A summit that's a start
The four-way summit in Sharm el-Sheikh was not a summit to summarize but a summit to start, and as such it was definitely a success story, particularly against the background of more than four years of deadly intifada.
The four-way summit in Sharm el-Sheikh was not a summit to summarize but a summit to start, and as such it was definitely a success story, particularly against the background of more than four years of deadly intifada. The success was mostly a result of it being well-prepared. This was not a negotiations conference, but one of meetings, statements of political intent and summations on a number of issues that were previously discussed by Israeli and Palestinian representatives. Prime Minister Ariel Sharon noted the example of the upcoming release of Palestinian prisoners, an issue of supreme importance for the Palestinian public; and spokesmen from both sides reported on Israeli preparations for withdrawals from West Bank cities as well as other steps, such as easing freedom of movement in the territories and permission to resume construction of a deep water port in Gaza.
The Israeli attitude toward these steps - as if they are only gestures toward the Palestinians - is insufficient. The relationship between Israel and the Palestinian Authority is based on interests, not favors. Thus, improving the standard of living in the territories is not only a Palestinian interest, but to a large extent is also an Israeli interest, as is strengthening Mahmoud Abbas, the head of the Palestinian Authority, by releasing prisoners.
The most important statement made at the summit referred to the cessation of violence. It was the first time that the leaders of the two sides, Sharon and Abbas, clearly and firmly declared an end to the hostility and violence against Israelis and Palestinians everywhere.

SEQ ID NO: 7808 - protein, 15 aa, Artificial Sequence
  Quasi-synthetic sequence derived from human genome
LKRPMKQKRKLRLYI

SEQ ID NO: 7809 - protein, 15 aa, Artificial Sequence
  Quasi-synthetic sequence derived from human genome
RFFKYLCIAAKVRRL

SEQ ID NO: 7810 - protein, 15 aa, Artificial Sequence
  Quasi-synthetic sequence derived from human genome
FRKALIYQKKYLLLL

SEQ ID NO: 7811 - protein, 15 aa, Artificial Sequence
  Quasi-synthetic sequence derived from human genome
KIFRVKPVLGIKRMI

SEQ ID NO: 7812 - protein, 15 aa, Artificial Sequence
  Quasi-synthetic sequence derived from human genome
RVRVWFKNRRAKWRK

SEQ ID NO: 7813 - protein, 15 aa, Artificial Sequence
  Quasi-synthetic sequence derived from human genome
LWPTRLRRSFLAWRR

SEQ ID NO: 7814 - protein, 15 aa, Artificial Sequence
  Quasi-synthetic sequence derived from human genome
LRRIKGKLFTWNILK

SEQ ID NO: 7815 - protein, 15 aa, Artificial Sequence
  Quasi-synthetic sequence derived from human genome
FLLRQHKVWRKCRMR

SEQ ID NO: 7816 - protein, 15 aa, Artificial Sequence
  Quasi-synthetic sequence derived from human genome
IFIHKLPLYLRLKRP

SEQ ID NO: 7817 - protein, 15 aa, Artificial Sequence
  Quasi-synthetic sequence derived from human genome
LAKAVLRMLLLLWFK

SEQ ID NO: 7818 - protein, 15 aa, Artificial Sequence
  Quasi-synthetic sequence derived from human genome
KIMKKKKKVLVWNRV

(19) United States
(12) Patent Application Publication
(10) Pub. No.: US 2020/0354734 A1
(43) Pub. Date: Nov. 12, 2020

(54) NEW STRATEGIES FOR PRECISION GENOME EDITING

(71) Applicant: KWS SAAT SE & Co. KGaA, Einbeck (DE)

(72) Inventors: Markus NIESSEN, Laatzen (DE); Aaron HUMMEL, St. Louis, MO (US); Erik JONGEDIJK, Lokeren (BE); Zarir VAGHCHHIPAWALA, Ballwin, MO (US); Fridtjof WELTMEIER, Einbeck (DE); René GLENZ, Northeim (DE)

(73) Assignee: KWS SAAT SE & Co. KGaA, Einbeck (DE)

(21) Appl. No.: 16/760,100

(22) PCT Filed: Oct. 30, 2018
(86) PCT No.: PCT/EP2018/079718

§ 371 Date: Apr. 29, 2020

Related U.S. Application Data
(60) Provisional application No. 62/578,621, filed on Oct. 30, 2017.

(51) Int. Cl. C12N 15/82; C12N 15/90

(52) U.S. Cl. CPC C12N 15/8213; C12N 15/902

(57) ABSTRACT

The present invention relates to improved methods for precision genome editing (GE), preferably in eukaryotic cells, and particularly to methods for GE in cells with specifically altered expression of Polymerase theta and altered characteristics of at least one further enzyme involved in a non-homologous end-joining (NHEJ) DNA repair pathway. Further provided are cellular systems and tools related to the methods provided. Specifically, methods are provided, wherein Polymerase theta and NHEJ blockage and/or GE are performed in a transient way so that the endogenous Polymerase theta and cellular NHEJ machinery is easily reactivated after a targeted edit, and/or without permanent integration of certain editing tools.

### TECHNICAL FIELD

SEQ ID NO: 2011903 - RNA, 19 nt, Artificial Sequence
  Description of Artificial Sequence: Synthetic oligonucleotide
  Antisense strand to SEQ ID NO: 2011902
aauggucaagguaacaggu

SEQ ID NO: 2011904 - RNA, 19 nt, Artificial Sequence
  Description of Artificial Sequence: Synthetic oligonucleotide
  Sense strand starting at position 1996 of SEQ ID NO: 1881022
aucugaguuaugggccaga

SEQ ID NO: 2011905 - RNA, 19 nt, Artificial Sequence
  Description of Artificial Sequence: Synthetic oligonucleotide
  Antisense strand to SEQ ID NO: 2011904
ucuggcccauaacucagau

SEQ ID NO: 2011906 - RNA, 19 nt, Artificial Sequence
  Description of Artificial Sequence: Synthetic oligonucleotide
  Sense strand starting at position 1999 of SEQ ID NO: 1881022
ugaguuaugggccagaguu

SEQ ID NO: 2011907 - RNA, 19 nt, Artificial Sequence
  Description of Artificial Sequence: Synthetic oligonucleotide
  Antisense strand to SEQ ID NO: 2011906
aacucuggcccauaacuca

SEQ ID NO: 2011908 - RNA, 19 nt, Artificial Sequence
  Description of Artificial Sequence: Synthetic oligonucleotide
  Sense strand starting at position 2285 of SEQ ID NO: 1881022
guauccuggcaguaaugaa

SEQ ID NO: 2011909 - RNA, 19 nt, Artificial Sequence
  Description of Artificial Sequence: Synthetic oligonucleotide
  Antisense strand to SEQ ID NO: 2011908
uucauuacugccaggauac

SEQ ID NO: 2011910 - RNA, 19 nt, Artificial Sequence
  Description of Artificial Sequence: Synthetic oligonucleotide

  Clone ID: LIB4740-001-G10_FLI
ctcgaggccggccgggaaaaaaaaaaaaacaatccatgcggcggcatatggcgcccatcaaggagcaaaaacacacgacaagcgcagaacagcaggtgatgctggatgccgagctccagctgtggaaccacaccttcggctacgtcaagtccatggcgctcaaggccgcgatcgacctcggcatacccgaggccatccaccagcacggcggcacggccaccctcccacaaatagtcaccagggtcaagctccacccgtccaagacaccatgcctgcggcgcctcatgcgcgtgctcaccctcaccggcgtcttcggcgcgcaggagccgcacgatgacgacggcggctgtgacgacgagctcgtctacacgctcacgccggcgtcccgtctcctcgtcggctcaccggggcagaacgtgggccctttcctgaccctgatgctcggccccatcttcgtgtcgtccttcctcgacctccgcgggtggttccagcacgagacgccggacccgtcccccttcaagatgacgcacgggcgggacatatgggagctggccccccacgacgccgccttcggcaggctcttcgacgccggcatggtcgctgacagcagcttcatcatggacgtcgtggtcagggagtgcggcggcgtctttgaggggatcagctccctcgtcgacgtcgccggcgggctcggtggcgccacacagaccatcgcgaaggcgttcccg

In recent years there may have been occasional talk about a cease-fire and calm, but the change this time is that the declarations were accompanied by what is known as a "political horizon."
The efforts made over the last four years to deal only with security issues failed. The success of the Sharm el-Sheikh summit was that this time the security issues were linked to a relatively clear political track - the disengagement plan of the Sharon government, which one way or another will lead to the implementation of the political road map. With varying emphases, the three speakers at the end of the summit all mentioned the road map.
The Sharm el-Sheikh summit also opened the way, for the first time, for the Israeli disengagement plan no longer being unilateral, but to be accomplished in coordination and possibly in an agreement between Israel and the PA. There is no doubt that a plan achieved through an agreement between the sides is preferable to one that is implemented utterly unilaterally. Such coordination will no doubt be one of the main achievements that both sides can chalk up to their credit.
The conference was a small and initial step toward the discussions about the well-known, weighty issues: borders, Jerusalem, settlements and refugees. It should be remembered that the peace process that began at the Madrid Conference and in the Oslo agreements collapsed over those issues. The participants at the Sharm conference were well aware of that. The summit thus signaled good intentions and readiness for a good start, but as much as it was a good start, it remains but a start.